Competition in data service offerings among telecoms operators is the driving force behind the crashing cost of data bundles to the benefit of subscribers, writes Emma Okonji
When Global System for Mobile Communications (GSM) services were launched in Nigeria in 2001, the voice service offering was predominant among offered by the telecoms operators. At that time, cost of voice calls was N50 per minute and most of the few subscribers with mobile devices could not make calls at ease from their mobile devices because of the high cost of voice calls. The period was characterised by the services offered by call centre operators, who positioned themselves at strategic spots along the roadsides under branded umbrellas of telecoms operators. Customers who patronised them to make calls, did so in a hurry, just to avoid incurring huge cost from the N50 per minute billing.
But in 2003, the scenario changed when Globacom entered the telecoms space with per second billing. Globacom started billing customers as low as 20 kobo per second, which approximately was N12 per minute, and this brought a lot of relief to customers. The beauty of per second billing was that it removed the idea of rounding off all calls that ended in seconds into minutes. Before Globacom introduced per second billing, calls that ended in 2 minutes and 2 seconds, were automatically rounded off to 3 minutes and subscribers were charged N150.
With the per second billing, Globacom, however, forced other operators to start billing their customers in per second. This continued until about 2008, when telecoms operators started offering core data services on their networks, which was a deviation from their core voice offerings. However, in 2010, a global shift from voice to data services, compelled telecoms operators to increase competition for data service offerings. Since then cost of data service offerings has continued to drop, while the data bundle capacity continues to increase, a situation that has become a delight for telecoms subscribers.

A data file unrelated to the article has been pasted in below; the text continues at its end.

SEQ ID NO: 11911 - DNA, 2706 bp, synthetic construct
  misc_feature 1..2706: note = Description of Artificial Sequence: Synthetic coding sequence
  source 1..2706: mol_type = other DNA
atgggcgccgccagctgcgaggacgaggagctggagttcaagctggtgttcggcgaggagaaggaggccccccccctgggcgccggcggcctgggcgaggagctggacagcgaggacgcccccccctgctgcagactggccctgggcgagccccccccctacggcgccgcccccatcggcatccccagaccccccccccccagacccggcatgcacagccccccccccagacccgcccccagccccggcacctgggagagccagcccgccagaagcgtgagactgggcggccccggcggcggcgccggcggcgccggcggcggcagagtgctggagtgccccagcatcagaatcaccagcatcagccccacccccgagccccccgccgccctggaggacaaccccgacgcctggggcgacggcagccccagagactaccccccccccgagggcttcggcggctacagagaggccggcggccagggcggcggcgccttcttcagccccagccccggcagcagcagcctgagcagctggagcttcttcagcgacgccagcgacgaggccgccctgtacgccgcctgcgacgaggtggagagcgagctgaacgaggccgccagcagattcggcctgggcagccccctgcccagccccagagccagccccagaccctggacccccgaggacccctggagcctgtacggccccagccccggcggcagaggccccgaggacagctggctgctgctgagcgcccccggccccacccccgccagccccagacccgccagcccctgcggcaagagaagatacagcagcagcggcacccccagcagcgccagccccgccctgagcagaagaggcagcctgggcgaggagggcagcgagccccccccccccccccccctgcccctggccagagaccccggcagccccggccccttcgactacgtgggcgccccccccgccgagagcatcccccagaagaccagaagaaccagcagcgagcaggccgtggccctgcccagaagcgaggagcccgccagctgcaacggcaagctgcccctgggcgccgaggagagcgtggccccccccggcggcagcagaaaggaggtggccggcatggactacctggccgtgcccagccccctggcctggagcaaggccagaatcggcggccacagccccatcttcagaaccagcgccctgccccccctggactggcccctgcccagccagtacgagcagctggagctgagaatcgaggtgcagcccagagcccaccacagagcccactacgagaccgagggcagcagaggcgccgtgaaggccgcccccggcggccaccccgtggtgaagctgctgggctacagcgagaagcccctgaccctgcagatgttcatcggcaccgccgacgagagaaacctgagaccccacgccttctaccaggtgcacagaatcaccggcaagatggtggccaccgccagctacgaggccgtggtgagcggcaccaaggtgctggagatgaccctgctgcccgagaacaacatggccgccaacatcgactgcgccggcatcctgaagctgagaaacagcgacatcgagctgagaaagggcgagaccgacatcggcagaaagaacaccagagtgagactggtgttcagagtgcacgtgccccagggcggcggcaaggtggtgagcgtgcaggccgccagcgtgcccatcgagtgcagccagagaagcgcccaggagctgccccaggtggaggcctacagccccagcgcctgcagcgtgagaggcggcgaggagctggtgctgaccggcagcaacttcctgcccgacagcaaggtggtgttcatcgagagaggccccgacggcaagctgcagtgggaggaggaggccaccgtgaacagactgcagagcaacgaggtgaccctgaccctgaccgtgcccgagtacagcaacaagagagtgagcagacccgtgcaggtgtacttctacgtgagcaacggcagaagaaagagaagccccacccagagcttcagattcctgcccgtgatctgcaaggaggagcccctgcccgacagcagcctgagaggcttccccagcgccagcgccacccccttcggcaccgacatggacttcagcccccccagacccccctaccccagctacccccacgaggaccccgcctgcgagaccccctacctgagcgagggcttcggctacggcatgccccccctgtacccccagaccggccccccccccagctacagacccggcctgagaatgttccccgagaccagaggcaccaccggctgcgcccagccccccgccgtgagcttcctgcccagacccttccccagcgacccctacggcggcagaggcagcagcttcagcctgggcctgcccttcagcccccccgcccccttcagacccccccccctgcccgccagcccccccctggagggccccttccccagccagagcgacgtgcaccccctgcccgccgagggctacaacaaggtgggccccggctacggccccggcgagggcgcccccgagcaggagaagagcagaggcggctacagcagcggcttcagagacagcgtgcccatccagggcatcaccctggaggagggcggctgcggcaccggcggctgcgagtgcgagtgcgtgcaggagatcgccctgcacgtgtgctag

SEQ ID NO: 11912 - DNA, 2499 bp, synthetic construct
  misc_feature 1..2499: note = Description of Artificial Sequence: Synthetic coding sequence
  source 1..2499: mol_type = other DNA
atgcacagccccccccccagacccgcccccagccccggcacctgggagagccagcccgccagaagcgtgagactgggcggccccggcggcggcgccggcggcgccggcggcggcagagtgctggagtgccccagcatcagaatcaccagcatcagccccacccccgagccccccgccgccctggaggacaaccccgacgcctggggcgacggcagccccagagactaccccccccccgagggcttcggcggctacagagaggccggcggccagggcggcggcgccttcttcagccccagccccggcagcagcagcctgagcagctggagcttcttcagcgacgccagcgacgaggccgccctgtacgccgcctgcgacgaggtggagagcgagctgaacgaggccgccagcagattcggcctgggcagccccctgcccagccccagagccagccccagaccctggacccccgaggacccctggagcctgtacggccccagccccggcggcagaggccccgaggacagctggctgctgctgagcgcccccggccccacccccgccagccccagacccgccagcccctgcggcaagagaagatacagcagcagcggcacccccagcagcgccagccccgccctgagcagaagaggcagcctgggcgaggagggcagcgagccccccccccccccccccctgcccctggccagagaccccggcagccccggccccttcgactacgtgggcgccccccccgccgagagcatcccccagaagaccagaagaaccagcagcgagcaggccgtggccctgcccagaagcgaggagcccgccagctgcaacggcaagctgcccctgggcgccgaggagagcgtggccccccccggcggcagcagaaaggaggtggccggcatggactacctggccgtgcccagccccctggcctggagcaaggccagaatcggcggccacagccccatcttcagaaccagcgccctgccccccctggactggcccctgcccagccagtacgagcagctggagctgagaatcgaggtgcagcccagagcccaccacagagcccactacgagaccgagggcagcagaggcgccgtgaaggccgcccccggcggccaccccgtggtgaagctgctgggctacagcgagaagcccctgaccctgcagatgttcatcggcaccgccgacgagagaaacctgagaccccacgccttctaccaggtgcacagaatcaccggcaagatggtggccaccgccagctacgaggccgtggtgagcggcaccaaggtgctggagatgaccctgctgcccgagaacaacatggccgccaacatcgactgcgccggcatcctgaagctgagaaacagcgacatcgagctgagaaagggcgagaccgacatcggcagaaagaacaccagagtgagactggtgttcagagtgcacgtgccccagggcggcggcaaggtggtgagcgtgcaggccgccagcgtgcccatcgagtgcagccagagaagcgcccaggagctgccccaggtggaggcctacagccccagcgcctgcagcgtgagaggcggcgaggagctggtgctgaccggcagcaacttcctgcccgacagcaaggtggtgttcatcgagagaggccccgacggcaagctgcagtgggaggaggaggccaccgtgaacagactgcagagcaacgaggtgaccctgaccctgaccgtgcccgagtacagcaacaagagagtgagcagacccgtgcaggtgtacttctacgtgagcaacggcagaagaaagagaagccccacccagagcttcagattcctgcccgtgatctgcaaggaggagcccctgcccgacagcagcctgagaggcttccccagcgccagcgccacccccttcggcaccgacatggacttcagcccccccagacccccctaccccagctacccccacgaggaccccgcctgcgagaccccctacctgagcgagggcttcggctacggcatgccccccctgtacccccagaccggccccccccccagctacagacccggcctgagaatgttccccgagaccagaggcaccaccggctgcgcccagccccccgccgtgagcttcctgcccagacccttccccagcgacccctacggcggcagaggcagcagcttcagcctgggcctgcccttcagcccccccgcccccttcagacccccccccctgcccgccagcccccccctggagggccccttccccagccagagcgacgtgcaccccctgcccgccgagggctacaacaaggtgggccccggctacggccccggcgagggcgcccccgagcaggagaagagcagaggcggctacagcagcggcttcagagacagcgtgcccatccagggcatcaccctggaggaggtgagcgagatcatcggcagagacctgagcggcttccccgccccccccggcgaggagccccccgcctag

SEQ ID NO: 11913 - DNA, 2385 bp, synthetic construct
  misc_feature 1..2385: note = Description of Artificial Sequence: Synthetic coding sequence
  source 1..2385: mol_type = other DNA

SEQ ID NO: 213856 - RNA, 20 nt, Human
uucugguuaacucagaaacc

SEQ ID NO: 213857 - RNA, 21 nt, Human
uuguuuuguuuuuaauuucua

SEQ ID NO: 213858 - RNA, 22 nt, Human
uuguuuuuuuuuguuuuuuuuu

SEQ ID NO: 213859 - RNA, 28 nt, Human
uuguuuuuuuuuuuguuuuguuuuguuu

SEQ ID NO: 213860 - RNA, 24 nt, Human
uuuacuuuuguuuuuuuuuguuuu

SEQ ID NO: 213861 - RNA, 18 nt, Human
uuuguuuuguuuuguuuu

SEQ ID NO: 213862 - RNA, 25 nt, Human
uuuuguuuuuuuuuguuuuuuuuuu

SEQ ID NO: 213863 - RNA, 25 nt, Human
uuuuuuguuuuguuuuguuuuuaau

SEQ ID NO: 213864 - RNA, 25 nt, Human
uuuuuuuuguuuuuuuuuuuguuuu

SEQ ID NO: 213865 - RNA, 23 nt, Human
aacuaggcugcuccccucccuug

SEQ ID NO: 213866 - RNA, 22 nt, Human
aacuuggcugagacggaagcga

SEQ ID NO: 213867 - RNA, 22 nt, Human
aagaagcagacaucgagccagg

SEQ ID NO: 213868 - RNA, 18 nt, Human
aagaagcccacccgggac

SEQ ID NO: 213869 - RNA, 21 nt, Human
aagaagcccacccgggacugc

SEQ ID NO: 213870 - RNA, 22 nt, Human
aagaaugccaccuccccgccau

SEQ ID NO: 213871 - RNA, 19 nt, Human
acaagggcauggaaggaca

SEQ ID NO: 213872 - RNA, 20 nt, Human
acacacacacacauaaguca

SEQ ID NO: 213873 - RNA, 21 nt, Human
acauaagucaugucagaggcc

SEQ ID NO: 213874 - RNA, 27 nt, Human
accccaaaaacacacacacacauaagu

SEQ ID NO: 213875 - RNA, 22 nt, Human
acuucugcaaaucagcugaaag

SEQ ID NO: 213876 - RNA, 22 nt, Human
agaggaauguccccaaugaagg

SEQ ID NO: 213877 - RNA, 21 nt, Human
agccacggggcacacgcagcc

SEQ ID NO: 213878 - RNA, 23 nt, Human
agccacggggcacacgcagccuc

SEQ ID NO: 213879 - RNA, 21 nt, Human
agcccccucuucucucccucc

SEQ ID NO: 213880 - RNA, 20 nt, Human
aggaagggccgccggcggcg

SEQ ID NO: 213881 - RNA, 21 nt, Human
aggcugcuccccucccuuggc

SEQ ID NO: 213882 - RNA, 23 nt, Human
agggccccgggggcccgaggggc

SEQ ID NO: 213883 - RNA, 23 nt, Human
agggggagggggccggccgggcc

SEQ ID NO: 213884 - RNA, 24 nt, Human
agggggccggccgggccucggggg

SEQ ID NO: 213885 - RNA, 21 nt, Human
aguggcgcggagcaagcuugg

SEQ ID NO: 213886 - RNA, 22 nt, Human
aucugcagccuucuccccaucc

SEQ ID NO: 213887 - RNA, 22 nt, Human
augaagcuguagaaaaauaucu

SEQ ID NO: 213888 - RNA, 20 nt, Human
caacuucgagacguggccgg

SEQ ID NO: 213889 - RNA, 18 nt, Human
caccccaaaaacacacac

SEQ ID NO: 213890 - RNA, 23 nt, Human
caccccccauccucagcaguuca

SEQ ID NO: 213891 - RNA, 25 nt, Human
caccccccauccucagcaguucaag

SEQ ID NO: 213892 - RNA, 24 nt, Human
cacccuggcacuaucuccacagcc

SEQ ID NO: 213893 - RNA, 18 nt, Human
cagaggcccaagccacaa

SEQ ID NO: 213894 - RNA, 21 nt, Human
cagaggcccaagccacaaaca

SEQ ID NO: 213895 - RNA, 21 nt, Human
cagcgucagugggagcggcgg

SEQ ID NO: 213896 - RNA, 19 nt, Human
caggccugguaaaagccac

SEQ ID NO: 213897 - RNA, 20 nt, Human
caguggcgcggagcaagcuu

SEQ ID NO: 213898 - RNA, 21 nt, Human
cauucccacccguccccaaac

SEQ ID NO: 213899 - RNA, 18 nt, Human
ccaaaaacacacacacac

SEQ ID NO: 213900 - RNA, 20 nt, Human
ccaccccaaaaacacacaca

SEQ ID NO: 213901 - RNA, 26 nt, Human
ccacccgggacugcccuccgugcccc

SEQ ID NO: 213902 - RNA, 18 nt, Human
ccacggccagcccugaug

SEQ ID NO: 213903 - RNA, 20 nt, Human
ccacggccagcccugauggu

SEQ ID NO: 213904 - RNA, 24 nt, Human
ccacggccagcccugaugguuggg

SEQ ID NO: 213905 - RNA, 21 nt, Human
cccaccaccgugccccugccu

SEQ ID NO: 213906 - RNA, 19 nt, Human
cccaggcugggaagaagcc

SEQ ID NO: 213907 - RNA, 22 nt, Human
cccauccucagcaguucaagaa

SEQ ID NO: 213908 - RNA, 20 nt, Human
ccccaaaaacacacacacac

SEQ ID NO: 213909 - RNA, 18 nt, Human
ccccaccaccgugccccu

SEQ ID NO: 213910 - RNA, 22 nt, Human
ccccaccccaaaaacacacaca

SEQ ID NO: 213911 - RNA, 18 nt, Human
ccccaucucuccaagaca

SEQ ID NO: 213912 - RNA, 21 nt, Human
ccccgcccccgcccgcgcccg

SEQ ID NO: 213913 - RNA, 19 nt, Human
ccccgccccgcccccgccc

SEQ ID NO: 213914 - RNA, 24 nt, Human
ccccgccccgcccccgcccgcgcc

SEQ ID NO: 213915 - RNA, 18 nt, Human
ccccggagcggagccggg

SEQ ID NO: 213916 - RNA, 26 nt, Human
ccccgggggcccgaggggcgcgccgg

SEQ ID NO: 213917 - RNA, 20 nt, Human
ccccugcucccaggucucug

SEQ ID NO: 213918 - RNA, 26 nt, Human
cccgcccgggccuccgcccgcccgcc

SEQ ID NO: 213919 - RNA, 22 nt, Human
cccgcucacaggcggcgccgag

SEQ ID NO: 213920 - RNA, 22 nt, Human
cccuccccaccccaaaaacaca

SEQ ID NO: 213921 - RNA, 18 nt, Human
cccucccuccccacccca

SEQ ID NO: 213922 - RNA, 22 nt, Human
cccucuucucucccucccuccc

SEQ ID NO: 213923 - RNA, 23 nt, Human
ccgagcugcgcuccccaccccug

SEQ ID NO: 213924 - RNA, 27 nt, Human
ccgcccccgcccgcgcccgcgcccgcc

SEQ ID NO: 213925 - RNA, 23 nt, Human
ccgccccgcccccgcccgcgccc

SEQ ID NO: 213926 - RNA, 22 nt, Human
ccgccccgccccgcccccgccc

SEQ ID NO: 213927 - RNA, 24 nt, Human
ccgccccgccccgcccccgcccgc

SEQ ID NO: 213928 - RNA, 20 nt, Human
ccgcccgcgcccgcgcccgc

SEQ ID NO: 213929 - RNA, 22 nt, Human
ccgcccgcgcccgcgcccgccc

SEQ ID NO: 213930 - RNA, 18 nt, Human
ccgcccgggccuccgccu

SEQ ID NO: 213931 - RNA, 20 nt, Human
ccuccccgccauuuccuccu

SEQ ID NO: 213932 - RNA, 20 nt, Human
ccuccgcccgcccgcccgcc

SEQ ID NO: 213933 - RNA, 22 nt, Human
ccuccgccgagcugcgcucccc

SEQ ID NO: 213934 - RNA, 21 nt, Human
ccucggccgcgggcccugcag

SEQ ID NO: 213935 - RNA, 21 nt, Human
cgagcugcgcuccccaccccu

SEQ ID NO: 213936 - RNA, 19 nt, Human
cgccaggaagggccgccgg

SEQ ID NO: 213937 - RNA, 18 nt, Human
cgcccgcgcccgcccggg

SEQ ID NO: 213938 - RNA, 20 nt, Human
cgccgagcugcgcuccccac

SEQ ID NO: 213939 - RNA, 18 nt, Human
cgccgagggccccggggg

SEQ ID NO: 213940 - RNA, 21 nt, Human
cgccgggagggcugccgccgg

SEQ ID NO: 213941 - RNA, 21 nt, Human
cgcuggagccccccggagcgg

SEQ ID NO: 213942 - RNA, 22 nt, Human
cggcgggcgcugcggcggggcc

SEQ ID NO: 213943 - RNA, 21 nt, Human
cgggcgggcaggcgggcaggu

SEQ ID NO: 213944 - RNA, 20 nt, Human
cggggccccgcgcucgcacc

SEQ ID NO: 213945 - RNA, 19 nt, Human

Data service and competition
In 2003, Globacom came into the market with the mantra of innovation. It positioned itself as the most innovative telecoms company in the market. The company had enough grounds to lay claim to that position as it came into the market with a 2.5G, GPRS network, different from the 2G infrastructure that other operators were riding on.
With this, Globacom could provide value added services like M-banking, text2email, Magic Plus, Multimedia Messaging Service, vehicle tracking among other revolutionary services.
The emergence of Globacom added fun to subscribers’ daily network experience. For instance, the launch of the Blackberry in 2006 was a game-changing move that gave the network an edge. The network continued to blaze the trail and went on to launch the 3G network.
The era of 3G communication saw the explosion of data-based telecommunication and mobile internet services. Nigeria had entered the league of online nations where business and social communication were done virtually on-the-go.